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# Archana Gupta

Question 1
Consider building a CSMA/CD network running at 1 Gbps over a 1 km cable
with no repeaters. The signal speed in the cable is 200000km/sec. What is
the minimum frame size?
We must keep in mind that in CSMA/CD , for a station to get some surety of
successful transmission the contention interval (time during which the station is
transmitting) should have at least 2 slot width where is time for signal to
propagate between two farthest stations ie there must be enough time for the
front of the frame to reach the end of the cable and then for an error message to
be sent back to the start before the entire frame is transmitted.
As a result for a 1 km cable the one way propagation time = 1/200000
= 5 x 10-6 = 5 sec
so for both ways it would be = 2 x 5 sec = 10 sec
To make CSMA/CD work, it must be impossible to transmit an entire frame in this
interval. At 1 Gbps, all frames shorter than 10,000 bits can be completely
transmitted in under 10 sec, so the minimum frame is 10,000 bits or 1250
bytes.
ie

## 109 bps x 10 x 10-6 sec = 104 bits

104 bits / 8 = 1250 bytes

Question 2
Consider the interconnected LANS shown in fig 4-44. Assume that the
hosts a and b are on LAN1, c is on LAN 2, and d is on LAN 8. Initially , hash
tables in all bridges are empty and the spanning trees is used(fig 4-44b).
Show how the hash tables of different bridges change after each of the
following events happen in sequence.
(a) a sends to d.
(b) c sends to a
(c) d sends to c.
(d) d moves to LAN 6.
(e) d sends to a

a) When a sends to d: whole network is flooded
A
a,1

B
a,2

C
a,3

D
a,2

E
a,3

F
a,4

H
a,5

J
a,6

i.e. bridge A gets to know that it can get to a on LAN 1, bridge B gets to know it
can get to a through LAN 2 etc.
b) When c sends to a
A
c,2
a,1

B
c,2
a,2

C
a,3

D
c,2
a,2

a,3

a,4

a,5

a,6

## Here when c on LAN 2 transmits co it will send frame to bridges B, D and A.

Because B and D know that they can get to a through LAN 2 they dont forward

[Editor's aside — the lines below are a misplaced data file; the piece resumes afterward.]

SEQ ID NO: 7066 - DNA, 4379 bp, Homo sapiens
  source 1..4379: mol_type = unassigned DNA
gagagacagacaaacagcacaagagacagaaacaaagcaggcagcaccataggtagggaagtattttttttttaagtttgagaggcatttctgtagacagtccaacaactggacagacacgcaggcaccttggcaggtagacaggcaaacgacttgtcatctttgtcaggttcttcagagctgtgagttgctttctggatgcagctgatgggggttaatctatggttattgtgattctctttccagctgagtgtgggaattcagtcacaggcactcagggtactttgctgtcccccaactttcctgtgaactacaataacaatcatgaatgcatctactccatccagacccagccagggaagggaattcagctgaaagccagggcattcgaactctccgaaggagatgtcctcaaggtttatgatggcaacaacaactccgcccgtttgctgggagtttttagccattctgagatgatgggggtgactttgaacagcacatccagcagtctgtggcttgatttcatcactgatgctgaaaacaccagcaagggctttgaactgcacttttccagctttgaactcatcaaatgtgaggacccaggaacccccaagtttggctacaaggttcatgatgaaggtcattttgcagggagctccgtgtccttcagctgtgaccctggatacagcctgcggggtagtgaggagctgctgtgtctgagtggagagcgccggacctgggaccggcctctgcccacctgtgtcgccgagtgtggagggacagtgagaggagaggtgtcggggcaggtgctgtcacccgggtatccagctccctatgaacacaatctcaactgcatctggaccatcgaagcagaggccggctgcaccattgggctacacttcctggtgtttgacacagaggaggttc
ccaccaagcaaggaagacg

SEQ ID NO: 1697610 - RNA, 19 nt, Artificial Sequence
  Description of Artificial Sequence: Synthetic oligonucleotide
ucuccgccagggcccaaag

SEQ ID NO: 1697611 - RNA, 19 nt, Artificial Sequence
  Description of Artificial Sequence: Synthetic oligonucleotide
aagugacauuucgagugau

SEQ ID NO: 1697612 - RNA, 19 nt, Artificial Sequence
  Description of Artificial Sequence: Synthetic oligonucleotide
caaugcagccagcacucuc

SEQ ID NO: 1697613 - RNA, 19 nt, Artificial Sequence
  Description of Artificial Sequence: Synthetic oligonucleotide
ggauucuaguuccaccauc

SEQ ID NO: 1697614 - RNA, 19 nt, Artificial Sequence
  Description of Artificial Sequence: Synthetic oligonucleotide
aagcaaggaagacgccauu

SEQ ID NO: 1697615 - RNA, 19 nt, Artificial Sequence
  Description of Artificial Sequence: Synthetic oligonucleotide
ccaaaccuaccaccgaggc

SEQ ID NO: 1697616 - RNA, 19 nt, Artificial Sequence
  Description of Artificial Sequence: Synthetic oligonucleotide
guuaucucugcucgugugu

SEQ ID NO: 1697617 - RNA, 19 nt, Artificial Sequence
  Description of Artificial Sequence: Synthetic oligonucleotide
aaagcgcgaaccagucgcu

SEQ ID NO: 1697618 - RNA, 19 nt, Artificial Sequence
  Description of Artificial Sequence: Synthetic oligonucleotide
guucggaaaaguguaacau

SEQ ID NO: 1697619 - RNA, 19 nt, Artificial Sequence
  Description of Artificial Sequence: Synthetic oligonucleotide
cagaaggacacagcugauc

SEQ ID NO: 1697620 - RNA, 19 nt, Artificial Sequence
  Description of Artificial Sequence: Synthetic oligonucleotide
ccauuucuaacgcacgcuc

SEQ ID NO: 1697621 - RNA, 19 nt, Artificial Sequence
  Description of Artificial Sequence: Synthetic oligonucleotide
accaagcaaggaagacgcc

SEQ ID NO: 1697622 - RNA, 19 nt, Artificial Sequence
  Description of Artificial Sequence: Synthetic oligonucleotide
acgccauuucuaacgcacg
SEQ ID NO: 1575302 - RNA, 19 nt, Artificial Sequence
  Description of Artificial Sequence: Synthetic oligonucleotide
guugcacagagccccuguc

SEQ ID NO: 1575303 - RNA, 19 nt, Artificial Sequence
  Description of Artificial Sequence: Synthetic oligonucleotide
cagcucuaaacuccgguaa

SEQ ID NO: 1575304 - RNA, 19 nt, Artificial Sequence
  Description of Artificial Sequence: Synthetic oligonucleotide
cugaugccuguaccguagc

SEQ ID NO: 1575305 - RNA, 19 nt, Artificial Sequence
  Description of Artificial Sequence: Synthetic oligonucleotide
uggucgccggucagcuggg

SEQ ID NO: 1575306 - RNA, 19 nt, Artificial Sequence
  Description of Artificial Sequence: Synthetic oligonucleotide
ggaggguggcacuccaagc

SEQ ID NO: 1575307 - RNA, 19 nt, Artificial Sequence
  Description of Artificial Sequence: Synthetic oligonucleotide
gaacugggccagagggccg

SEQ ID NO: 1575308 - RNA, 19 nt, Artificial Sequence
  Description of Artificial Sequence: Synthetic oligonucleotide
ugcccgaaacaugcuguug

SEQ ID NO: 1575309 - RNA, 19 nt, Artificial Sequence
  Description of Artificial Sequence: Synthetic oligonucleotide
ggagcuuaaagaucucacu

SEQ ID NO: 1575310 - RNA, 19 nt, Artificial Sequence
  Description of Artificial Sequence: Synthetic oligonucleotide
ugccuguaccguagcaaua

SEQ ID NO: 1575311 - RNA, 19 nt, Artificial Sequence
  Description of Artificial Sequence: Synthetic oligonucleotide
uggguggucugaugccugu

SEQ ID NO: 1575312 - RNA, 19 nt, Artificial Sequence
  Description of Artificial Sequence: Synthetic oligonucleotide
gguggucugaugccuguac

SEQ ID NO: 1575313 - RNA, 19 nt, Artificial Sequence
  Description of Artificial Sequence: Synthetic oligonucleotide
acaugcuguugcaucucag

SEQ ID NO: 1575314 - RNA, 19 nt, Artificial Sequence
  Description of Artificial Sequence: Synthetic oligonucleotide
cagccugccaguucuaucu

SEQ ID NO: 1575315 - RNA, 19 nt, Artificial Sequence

the frames to the rest of the LANs. In the process they also learn about host c
location.
c) When d sends to c
A
d,2
c,2
a,1

B
d,2
c,2
a,2

C
a,3

D
d,5
c,2
a,2

H
d,8

a,3

a,4

a,5

a,6

H
d,8

a,3

a,4

a,5

a,6

E
d,6

H
d,8

J
d,6

a,3

a,4

a,5

a,6

## d) When d moves to LAN 6

A
d,2
c,2
a,1

B
d,2
c,2
a,2

C
a,3

D
d,5
c,2
a,2

e) When d sends to a
A
d,2
c,2
a,1

B
d,3
c,2
a,2

C
d,3
a,3

D
d,2
c,2
a,2

Question 3
Imagine that a switch has line cards for four input lines. It frequently
happens that a frame arriving on one of the lines has to exit on another line
on the same card. What choices is the switch designer faced with as a
result of this situation ?
First the designer would need to decide on the type of switch to use. That implies
whether to use a crossbar switch, space division switch or to use a time division
switch. The crossbar switch has n input lines and n output lines (in our case n is
4). However with this switch number of crossbars grow as the square of number
of lines into the switch. The space division switch splits the crossbar into small
chunks and interconnects them making it possible to build multistage switch with
fewer cross points. The third that is time division switches the n input lines are
scanned in sequence to build an input frame with n slots.
Once the switch type is decided, the designer would need to decide whether the
switch uses circuit switching or packet switching. In other words should the input
port be buffered or not. In circuit switching there is a need to set up end-to-end
path before any data can be sent. In other words this technique reserves
required bandwidth in advance, which is not the case with packet switching. With
packet switching there is an upper limit to block size, which allows packets to be
buffered at the input port. This rules out wastage of bandwidth because circuits
are never dedicated as in case of circuit switching.
Finally it should be decided whether there would be any error handling in the
switch. This would be necessary in case of packet switching because packets
may be delivered in the wrong order to the destination. Moreover what would be
done with garbled packets (cases where the destination address gets garbled or
does not exist).